In an article about things I wish I knew as a freshman, I outlined 5 tips I thought would be helpful. The final (and probably most important) tip was to “begin with the end in mind”. A little more context may help with understanding what I mean when I say “begin with the end in mind”. The remainder of this article will help people understand how to set proper goals for law school and develop strong plans to meet those goals.
What is beginning with the end in mind?
In 7 Habits for Highly Effective People by Steven Covey, beginning with the end in mind is listed as Habit 2. Covey defines this habit in a very succinct way.
Habit 2: Begin With the End in Mind is based on imagination—the ability to envision in your mind what you cannot at present see with your eyes. It is based on the principle that all things are created twice. There is a mental (first) creation, and a physical (second) creation. The physical creation follows the mental, just as a building follows a blueprint.
– Steven Covey
In other words, beginning with the end in mind is simply visualizing your final goal and setting current plans to ensure you will reach that goal.
Why beginning with the end in mind is so important
Covey continues by sharing what happens if we do not begin with the end in mind.
If you don’t make a conscious effort to visualize who you are and what you want in life, then you empower other people and circumstances to shape you and your life by default. It’s about connecting again with your uniqueness and then defining the personal, moral, and ethical guidelines within which you can most happily express and fulfill yourself.
– Steven Covey
So, beginning with the end in mind is important so we don’t wonder aimlessly towards a vague idea of a successful life. This is because you have a solid understanding of who you are and where you want to be. As far as preparing for law school goes, beginning with the end in mind prepares you for a career, your studies, and greater personal development.
How to begin with the end in mind
Beginning with the end in mind is often used to refer to life generally. However, because you are here to prepare for law school, we can narrow our focus to apply directly to law school and a legal career. We can put this process into 3 steps.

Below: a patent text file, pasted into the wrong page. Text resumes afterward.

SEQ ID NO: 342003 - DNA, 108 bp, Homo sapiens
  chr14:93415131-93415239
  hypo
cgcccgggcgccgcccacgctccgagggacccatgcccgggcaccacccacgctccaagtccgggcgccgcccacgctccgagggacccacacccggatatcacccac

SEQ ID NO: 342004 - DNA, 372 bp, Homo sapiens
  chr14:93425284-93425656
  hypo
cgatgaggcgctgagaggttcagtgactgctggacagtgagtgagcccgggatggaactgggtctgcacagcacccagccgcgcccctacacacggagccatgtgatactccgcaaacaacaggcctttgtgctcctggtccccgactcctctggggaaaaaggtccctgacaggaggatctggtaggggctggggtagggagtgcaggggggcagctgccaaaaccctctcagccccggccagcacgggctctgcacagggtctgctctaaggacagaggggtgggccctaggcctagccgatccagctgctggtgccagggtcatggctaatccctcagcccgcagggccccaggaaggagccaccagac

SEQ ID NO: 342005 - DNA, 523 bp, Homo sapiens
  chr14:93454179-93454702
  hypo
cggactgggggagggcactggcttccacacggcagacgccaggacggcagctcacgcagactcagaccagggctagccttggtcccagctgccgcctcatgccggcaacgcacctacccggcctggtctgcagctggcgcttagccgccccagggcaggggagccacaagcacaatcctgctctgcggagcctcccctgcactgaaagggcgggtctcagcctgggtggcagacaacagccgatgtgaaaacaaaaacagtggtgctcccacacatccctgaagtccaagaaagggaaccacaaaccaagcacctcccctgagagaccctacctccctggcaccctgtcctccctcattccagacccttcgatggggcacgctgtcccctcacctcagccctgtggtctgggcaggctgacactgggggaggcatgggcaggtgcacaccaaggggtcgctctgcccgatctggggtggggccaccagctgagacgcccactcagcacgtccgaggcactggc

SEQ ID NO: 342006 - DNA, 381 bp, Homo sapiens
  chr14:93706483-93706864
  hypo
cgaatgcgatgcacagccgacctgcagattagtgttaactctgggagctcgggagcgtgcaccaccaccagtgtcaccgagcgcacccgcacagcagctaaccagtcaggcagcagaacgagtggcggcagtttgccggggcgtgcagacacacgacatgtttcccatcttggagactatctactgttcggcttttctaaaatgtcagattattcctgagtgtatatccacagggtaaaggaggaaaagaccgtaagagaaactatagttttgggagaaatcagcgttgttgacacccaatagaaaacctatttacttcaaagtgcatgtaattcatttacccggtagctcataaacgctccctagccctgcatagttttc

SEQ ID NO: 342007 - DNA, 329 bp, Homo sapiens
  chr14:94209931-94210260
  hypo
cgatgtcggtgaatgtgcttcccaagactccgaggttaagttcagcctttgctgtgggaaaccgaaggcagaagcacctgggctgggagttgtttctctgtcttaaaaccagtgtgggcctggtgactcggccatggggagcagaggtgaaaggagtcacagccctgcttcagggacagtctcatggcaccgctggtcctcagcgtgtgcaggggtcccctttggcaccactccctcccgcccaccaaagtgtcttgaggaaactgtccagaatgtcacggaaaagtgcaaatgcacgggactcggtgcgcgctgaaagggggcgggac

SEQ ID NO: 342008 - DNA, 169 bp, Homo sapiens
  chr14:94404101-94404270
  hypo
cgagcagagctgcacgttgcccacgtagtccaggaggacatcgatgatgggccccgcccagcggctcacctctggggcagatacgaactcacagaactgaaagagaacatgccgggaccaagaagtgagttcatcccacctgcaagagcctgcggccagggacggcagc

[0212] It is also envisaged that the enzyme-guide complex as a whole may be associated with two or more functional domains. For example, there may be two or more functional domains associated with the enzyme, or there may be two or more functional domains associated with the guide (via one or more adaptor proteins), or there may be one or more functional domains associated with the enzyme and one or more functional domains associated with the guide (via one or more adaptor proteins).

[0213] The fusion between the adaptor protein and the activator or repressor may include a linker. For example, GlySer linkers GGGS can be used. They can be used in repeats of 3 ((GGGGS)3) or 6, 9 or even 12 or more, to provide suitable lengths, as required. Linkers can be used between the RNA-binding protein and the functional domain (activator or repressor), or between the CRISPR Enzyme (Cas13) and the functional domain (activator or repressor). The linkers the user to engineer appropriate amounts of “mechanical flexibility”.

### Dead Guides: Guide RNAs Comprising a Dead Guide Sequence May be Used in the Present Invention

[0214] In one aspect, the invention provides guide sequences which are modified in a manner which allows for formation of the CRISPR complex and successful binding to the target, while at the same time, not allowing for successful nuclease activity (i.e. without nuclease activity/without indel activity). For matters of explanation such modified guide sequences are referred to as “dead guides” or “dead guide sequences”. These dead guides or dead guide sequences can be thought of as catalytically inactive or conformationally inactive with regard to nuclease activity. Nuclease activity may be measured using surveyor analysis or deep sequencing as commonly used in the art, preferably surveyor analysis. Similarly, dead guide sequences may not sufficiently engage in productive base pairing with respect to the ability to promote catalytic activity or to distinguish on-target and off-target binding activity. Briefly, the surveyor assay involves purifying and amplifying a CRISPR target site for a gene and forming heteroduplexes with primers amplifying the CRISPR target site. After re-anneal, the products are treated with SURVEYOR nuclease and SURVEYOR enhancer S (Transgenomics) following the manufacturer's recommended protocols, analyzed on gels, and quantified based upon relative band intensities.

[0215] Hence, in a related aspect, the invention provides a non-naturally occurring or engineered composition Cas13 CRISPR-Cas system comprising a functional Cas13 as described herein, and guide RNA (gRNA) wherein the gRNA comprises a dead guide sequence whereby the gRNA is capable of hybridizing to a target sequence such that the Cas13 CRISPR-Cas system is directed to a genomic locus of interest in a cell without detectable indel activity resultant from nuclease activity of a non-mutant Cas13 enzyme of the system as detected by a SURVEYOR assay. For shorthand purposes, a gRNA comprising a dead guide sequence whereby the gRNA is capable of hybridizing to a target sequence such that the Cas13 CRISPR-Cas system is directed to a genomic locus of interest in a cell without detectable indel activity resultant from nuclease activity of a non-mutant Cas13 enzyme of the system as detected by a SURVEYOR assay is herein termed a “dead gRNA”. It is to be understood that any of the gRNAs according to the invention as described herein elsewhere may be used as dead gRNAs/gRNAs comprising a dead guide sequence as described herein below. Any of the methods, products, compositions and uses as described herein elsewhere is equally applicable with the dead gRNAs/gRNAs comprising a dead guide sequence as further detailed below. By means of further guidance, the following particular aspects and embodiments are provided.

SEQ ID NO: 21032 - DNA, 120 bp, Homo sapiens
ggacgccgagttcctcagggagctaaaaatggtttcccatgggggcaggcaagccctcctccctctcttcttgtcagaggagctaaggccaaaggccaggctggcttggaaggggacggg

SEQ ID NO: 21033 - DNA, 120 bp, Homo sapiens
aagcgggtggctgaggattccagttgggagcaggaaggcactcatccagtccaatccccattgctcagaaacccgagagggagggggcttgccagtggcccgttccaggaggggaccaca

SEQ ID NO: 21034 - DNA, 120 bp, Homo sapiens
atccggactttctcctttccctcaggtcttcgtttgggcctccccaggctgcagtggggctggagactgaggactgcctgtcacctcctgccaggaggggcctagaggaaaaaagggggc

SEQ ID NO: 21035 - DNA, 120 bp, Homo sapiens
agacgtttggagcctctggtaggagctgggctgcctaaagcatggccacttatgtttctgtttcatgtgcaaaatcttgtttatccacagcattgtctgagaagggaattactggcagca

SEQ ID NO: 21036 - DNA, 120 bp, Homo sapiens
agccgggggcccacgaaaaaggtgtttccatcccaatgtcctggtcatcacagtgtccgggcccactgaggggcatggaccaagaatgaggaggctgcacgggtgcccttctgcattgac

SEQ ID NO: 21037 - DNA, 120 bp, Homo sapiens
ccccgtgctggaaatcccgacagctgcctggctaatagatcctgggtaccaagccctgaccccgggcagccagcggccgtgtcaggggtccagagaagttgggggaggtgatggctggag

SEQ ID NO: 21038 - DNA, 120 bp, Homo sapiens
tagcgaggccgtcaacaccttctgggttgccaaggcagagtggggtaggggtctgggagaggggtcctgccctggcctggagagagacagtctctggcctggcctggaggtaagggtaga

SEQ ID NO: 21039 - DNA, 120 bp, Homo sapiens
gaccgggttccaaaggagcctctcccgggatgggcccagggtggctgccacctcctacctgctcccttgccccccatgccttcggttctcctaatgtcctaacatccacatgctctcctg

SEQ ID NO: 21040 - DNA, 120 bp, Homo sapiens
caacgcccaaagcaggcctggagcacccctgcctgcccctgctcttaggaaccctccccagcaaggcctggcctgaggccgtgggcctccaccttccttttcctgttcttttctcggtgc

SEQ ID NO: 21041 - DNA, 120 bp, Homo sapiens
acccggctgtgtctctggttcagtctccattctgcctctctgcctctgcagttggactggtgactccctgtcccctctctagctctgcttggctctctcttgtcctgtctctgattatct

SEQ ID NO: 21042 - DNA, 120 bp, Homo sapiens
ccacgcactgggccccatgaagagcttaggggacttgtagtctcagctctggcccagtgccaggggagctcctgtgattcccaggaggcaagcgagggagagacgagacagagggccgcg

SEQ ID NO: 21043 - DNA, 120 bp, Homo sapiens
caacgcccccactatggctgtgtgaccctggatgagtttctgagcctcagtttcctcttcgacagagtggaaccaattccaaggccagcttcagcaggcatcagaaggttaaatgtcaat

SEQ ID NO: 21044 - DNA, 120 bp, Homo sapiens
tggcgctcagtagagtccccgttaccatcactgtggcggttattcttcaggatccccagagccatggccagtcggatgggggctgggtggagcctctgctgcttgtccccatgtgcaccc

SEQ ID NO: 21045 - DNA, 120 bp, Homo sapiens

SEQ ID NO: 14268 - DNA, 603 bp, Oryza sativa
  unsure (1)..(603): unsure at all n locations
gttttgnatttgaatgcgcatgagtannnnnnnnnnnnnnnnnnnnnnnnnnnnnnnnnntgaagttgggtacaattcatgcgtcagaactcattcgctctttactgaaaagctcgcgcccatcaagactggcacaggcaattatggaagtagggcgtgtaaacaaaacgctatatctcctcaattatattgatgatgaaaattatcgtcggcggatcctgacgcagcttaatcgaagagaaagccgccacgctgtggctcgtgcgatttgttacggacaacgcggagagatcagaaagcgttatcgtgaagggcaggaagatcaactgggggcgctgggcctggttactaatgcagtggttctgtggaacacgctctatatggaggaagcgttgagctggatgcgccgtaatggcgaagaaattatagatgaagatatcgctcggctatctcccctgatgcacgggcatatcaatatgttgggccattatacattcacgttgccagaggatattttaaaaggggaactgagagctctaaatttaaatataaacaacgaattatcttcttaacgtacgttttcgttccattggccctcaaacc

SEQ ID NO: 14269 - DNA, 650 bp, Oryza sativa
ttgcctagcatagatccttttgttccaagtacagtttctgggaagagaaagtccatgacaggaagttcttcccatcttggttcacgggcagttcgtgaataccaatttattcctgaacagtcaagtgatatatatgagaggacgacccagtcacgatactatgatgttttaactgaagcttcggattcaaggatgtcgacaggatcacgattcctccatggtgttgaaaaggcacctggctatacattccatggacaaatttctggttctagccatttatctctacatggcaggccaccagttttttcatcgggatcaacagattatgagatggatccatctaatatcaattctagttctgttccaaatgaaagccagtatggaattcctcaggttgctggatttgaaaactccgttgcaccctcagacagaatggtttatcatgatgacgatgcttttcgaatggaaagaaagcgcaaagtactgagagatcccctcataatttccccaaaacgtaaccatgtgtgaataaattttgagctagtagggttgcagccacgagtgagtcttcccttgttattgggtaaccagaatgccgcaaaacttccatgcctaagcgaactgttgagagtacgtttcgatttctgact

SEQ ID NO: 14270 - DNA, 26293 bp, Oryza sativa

The easiest way to think about beginning with the end in mind is to work backwards. Imagine yourself 10 years from now, in a career, working for success. Ask yourself, “What legal field do I want to work in? Why? and What drives my reason for being in this field?” These questions will help you develop a goal and a personal statement targeted towards that goal.
Evaluate where you are at currently; whether you just graduated from high school, are in the middle of your undergrad, or applying for law school. Look at your GPA, your major, your relationships with professors and use this information to benefit you.
Build a bridge between where you currently are and where you want to be. Again, it is best to work backwards. For example, imagine you are in your undergrad and want to be a clerk for a Supreme Court Justice after law school. What are the biggest steps that need to be taken to reach that goal? You need to clerk at a “feeder court” (appellate courts SCOTUS likes to draw clerkships from). Before that, you will need to perform at the top of your class. Before that, you need to be admitted to a top tier law school. To do that you need to develop strong relationships with professors, have a high GPA, and obtain a remarkable LSAT score.